With cuts in the offing, many schemes are likely to get the chop. Crossrail, in its present incarnation, must surely be a prime candidate. It began as a much-needed east-west relief route to the Central and Metropolitan Lines and has ended up as a regional express line through London, an east-west counterpart to Thameslink.
Now Thameslink is not a good model to follow. First, it transfers delays across networks that are otherwise independent. Disruption at, say, Luton, will eventually cause problems at Haywards Heath, and vice versa. Second, it means that passengers are forced to travel in discomfort for long distances in trains that are designed for short journeys in crush-loading conditions. Third, the trains must be dual voltage, with heavy transformer equipment that is inefficient on the city-centre stretches of route with closely-spaced stops.
Precisely the same objections will apply to Crossrail. In addition, because so much of the route is in tunnel, there will be substantial extra costs due to the extra clearances that will be needed, and which could have been avoided if the line had been constructed for third-rail electrification or even to the tube gauge.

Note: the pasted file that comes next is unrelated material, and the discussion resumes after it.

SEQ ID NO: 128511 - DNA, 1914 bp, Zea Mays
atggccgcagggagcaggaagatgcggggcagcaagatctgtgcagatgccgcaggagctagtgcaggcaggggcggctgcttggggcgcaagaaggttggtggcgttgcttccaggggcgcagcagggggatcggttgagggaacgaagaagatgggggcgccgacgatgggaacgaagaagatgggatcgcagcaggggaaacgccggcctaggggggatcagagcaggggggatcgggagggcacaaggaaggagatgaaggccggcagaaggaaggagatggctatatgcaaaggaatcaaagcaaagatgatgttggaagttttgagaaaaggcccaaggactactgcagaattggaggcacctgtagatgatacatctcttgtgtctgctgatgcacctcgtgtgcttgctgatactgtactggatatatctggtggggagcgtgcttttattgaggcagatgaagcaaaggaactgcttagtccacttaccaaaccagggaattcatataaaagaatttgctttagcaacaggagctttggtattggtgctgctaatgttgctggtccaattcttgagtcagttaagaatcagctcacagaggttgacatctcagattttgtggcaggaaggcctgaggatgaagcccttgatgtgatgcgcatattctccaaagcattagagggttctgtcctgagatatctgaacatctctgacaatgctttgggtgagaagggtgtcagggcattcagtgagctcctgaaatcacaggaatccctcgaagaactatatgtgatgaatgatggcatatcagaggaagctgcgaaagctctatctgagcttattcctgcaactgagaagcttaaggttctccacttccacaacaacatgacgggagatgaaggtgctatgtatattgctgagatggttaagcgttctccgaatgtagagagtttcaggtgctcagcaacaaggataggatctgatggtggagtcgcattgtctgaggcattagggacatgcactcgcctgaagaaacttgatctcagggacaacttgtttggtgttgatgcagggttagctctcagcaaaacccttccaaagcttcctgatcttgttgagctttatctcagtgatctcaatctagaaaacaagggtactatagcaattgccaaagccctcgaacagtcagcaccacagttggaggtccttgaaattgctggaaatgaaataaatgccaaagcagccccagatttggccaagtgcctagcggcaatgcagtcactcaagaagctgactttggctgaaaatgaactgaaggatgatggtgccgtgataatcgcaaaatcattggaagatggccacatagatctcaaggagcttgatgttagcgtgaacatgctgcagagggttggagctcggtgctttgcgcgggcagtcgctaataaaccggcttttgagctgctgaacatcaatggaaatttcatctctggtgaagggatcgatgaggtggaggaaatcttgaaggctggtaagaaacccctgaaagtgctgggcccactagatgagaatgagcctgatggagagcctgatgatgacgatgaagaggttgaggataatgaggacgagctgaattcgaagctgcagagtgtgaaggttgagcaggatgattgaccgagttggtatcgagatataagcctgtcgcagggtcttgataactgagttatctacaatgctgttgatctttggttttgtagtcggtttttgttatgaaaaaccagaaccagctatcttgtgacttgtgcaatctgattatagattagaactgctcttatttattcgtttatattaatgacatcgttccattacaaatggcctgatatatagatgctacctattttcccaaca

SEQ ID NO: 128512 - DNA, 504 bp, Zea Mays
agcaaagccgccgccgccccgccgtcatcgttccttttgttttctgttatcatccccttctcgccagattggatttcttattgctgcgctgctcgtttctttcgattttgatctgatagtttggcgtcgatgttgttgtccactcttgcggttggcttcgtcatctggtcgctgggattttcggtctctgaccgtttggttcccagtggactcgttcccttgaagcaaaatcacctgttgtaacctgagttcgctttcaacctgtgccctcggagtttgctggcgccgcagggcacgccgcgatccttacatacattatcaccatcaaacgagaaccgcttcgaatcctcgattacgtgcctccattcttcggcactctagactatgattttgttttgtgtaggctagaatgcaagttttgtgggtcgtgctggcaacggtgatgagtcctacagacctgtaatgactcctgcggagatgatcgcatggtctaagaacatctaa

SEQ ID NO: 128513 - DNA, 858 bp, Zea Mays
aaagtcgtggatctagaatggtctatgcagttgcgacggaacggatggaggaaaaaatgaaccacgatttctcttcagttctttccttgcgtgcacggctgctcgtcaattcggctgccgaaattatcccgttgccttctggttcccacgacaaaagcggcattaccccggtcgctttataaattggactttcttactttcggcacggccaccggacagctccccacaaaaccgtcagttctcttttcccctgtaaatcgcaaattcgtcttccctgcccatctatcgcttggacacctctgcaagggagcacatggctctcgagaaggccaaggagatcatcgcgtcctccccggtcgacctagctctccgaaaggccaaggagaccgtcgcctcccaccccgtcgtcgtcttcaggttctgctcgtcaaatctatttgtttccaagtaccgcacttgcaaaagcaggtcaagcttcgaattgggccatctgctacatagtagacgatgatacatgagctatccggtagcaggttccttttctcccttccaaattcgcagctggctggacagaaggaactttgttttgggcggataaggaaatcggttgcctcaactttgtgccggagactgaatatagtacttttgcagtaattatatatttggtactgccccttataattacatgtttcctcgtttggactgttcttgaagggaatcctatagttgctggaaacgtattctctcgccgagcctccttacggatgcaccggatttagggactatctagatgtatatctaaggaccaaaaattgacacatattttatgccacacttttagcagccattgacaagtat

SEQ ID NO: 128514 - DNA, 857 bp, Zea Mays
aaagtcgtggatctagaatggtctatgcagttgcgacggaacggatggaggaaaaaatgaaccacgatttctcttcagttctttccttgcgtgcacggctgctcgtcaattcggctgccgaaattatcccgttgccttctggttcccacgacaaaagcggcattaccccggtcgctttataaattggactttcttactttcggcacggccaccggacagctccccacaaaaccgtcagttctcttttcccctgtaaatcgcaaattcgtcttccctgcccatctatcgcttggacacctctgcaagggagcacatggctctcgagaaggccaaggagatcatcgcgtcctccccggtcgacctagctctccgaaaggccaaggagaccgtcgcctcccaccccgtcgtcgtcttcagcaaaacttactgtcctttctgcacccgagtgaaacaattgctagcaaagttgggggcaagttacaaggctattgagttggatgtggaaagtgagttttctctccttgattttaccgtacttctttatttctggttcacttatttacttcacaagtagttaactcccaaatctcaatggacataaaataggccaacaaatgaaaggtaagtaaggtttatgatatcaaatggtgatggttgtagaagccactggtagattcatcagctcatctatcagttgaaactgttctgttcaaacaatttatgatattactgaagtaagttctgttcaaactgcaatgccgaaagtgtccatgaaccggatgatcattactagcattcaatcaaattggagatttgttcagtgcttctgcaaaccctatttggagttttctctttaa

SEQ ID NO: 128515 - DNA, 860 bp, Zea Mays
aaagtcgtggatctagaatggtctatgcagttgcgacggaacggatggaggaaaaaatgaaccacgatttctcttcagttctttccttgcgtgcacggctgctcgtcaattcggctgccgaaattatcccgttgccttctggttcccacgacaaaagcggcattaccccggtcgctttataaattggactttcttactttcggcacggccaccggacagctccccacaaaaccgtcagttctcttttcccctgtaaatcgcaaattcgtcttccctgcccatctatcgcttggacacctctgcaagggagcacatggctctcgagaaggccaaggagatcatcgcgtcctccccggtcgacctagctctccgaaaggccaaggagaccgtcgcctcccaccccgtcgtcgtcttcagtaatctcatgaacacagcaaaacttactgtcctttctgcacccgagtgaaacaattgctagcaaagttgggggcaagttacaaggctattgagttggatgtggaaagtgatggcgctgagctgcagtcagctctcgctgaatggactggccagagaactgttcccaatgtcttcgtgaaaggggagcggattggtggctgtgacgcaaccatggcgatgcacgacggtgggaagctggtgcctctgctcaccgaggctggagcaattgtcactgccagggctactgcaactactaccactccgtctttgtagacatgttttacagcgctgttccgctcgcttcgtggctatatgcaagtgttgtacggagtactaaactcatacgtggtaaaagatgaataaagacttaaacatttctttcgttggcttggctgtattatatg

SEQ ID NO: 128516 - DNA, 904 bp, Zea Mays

What could be cut?
What can be cut depends on how far the scheme has progressed. Substantial savings could be realised if the line from Paddington to Stratford and Woolwich could be built as a tube. At the western end of the route, trains might run to Hammersmith via Ladbroke Grove, which would be a useful enhancement to the service. At the eastern end of the route, given a suitable realignment with an end-on connection to the Jubilee Line, trains might run on to Stanmore, avoiding the need for reversing.
Another alternative might be to build the underground section as a DC route with third-rail electrification, again running to Hammersmith.
DC electrification would also enable the line to operate with DC-only stock, which might be the class 378/1 type or the new S-type, but could be existing LUL stock refurbished. There is a very substantial fleet that will be going for scrap when the S-type is introduced; if times are as hard as we are being told they are, there scope for a saving here.
There are of course, further savings to be had from this strategy because existing class 315 stock on Great Eastern suburban routes will be kept in service for another couple of decades. It isn't wonderful but it does the job and there are improvements that can be made that disguise its age from all but the train-spotting fraternity.